Fiber energy efficiency Part I: Extended entropy model
Artikel i vetenskaplig tidskrift, 2014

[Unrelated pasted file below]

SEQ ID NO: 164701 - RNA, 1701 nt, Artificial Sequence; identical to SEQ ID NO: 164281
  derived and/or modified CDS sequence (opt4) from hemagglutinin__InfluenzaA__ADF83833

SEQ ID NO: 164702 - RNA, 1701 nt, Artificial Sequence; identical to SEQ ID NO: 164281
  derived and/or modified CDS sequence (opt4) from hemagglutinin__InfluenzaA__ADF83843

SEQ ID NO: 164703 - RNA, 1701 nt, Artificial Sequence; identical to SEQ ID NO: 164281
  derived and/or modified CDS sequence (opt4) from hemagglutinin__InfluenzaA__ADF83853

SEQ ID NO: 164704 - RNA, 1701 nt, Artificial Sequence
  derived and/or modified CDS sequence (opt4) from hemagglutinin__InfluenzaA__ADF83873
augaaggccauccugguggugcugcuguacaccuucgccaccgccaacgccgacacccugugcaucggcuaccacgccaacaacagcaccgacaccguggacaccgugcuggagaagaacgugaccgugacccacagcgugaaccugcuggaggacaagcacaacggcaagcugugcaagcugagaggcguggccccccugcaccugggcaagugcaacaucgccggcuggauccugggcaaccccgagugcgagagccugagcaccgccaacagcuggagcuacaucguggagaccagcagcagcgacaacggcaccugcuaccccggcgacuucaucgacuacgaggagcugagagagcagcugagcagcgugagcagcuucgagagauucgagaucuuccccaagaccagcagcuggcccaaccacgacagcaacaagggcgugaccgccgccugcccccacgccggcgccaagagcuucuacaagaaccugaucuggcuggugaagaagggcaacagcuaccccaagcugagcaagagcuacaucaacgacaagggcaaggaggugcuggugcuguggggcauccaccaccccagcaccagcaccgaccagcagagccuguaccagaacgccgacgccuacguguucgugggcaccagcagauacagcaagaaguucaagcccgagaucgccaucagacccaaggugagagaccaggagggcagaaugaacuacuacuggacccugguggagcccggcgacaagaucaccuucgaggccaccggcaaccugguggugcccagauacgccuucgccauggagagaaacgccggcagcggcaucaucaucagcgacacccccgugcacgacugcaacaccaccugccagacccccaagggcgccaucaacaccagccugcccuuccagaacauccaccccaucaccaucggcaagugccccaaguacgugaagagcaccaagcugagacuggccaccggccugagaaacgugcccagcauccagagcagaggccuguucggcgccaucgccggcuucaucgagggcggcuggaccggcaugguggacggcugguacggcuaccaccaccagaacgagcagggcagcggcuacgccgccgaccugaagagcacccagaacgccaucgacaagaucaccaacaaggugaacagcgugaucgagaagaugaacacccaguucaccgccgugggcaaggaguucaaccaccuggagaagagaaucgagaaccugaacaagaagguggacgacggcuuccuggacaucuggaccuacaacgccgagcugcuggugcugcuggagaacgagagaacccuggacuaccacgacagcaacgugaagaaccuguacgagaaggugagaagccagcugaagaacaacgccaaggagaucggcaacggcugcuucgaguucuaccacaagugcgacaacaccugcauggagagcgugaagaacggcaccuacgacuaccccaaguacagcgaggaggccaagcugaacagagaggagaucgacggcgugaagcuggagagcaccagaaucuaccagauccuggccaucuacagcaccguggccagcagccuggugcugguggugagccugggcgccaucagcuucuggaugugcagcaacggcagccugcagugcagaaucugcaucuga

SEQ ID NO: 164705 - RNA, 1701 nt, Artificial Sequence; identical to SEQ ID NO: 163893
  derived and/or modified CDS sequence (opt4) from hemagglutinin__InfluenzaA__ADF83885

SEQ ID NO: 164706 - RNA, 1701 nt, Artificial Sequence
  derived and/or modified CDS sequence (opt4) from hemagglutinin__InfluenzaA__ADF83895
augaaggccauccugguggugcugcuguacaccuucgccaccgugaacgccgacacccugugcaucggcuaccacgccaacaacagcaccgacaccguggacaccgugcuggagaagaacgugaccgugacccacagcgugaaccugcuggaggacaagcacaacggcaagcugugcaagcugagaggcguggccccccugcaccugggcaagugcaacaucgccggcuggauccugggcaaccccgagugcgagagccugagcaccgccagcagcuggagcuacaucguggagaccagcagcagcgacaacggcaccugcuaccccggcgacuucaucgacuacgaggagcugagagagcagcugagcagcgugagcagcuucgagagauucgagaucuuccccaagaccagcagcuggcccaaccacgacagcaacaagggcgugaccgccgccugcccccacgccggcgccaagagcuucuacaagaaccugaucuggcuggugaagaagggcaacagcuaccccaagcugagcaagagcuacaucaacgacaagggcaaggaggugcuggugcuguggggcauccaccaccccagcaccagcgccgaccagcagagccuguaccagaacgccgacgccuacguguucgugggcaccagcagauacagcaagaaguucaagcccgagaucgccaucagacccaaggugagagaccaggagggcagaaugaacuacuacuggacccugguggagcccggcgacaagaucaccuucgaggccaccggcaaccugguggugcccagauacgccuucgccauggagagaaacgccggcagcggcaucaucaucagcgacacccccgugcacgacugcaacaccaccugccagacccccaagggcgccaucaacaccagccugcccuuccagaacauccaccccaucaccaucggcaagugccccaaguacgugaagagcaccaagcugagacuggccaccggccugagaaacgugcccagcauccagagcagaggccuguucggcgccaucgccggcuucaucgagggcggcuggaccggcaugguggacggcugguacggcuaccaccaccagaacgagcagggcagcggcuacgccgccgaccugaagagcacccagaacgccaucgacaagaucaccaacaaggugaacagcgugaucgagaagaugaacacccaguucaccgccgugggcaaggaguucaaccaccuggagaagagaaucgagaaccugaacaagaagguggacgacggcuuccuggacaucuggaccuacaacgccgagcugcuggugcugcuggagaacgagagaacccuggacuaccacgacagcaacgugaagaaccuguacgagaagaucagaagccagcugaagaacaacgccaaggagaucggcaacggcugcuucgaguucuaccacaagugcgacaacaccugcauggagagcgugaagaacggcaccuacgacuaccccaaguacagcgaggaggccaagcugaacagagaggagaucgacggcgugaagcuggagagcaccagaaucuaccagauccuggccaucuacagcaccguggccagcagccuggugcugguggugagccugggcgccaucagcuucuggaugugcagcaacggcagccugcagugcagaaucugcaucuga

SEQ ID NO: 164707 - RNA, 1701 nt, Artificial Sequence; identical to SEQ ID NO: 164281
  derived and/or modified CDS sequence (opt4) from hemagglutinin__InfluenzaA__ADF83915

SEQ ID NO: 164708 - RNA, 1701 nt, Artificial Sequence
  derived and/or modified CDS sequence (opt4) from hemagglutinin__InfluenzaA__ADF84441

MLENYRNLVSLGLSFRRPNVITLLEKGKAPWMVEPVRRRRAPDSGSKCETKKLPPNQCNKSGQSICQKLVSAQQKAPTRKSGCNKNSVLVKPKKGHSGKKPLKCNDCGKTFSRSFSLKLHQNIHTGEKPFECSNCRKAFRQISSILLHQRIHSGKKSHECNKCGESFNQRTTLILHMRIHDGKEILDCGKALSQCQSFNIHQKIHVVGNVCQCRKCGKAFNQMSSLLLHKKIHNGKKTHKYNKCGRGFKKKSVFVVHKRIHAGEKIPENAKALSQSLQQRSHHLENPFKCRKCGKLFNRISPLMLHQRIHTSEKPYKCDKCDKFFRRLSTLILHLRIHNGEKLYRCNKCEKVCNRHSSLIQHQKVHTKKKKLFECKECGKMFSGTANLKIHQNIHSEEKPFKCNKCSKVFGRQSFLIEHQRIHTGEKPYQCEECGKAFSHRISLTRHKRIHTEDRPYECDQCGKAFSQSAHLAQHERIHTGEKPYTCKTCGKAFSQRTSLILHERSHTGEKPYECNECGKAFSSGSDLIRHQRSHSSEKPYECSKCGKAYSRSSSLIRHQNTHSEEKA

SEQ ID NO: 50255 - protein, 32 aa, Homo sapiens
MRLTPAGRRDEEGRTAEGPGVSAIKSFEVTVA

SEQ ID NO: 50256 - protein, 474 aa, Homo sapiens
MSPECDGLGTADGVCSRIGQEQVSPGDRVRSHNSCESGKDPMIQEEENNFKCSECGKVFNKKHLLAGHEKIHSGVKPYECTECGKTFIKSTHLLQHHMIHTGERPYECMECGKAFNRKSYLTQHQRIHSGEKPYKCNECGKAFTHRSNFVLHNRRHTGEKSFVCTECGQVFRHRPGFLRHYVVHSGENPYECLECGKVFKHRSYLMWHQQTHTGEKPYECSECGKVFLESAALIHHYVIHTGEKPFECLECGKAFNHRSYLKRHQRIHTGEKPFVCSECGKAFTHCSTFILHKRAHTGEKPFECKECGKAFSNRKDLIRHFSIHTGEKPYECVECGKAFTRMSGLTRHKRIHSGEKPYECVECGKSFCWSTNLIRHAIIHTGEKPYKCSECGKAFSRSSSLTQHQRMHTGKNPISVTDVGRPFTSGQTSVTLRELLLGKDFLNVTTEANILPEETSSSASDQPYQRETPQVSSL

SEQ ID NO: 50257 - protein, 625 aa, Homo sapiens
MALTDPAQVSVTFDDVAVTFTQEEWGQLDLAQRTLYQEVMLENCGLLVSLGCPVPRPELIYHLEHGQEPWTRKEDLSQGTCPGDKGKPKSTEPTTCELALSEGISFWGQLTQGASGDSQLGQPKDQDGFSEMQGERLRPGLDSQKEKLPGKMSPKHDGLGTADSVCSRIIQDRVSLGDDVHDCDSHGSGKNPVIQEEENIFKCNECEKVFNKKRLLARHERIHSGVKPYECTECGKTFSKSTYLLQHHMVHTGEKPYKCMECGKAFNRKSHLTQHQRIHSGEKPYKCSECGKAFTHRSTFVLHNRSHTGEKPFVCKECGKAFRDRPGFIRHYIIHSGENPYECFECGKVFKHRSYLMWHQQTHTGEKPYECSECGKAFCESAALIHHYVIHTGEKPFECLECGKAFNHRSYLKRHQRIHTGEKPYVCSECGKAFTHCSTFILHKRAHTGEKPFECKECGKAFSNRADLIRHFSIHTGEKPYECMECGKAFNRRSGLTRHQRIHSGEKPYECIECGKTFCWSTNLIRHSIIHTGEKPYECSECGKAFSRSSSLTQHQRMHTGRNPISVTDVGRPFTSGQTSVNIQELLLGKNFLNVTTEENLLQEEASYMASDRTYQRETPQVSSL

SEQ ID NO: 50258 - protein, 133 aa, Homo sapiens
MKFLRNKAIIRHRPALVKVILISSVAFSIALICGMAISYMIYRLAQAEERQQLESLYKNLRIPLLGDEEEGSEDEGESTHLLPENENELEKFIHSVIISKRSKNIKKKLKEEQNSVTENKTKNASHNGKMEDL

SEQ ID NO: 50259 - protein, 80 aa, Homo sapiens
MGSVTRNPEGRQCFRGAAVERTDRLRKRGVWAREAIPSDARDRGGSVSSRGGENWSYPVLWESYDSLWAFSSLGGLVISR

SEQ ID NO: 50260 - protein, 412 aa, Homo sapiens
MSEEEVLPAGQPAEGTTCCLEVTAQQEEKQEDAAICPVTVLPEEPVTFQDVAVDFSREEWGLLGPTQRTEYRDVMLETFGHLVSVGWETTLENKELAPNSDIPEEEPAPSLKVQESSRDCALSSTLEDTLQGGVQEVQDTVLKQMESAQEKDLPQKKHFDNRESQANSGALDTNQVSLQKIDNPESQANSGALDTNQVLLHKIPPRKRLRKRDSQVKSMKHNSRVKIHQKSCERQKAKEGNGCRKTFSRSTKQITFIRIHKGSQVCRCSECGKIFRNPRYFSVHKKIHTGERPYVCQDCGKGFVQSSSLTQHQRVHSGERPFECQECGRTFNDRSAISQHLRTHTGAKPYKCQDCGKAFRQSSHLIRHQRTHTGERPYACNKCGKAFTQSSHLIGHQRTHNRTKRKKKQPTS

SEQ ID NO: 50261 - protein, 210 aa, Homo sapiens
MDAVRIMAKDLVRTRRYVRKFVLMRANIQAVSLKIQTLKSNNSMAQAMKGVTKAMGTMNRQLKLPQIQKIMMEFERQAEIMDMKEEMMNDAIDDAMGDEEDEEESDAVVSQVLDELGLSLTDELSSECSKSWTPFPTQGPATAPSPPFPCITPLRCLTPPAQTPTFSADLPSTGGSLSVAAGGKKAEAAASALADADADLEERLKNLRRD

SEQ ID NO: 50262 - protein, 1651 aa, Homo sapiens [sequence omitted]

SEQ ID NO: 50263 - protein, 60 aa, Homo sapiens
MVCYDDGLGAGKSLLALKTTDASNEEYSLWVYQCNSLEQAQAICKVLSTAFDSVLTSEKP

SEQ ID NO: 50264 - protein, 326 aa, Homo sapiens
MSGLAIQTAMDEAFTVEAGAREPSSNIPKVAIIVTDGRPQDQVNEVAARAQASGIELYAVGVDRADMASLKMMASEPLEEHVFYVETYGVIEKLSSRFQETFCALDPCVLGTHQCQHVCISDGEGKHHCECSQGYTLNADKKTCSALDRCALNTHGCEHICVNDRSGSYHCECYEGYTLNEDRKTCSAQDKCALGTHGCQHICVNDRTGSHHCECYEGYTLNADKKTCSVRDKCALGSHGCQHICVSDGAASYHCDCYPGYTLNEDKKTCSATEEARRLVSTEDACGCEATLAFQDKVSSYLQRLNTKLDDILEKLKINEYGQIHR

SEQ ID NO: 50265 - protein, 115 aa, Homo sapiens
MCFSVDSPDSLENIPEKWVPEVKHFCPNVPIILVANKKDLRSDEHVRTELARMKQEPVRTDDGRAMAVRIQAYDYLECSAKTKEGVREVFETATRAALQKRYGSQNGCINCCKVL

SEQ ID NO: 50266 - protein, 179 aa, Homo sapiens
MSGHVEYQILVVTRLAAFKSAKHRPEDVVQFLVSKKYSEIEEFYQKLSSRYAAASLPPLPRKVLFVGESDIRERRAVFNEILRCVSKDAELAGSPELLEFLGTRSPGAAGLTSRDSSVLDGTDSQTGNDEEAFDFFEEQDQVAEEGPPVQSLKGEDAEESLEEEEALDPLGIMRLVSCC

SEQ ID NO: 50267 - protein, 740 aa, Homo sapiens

This is the first in a series of papers presenting the development of a comprehensive multiscale model with focus on fiber energy efficiency in thermo mechanical pulp processes. The fiber energy efficiency is related to the defibration and fibrillation work obtained when fibers and fiber bundles interact with the refining bars. The fiber energy efficiency differs from the total refining energy efficiency which includes the thermodynamical work as well. Extracting defibration and fibrillation work along the radius in the refining zone gives information valuable for fiber development studies. Models for this process must handle physical variables as well as machine specific parameters at different scales. To span the material and energy balances, spatial measurements from the refining zone must be available. In this paper, measurements of temperature profile and plate gaps from a full-scale CD-refiner are considered as model inputs together with a number of process variables. This enables the distributed consistency in the refining zone as well as the split of the total work between the flat zone and the CD-zone to be derived. As the temperature profile and the plate gap are available in the flat zone and the CD-zone at different process conditions it is also shown that the distributed pulp dynamic viscosity can be obtained. This is normally unknown in refining processes but certainly useful for all fluid dynamic models describing the bar-to-fiber interactions. Finally, it is shown that the inclusion of the machine parameters will be vital to get good estimates of the refining conditions and especially the split between the thermodynamical work and the defibration/fibrillation work.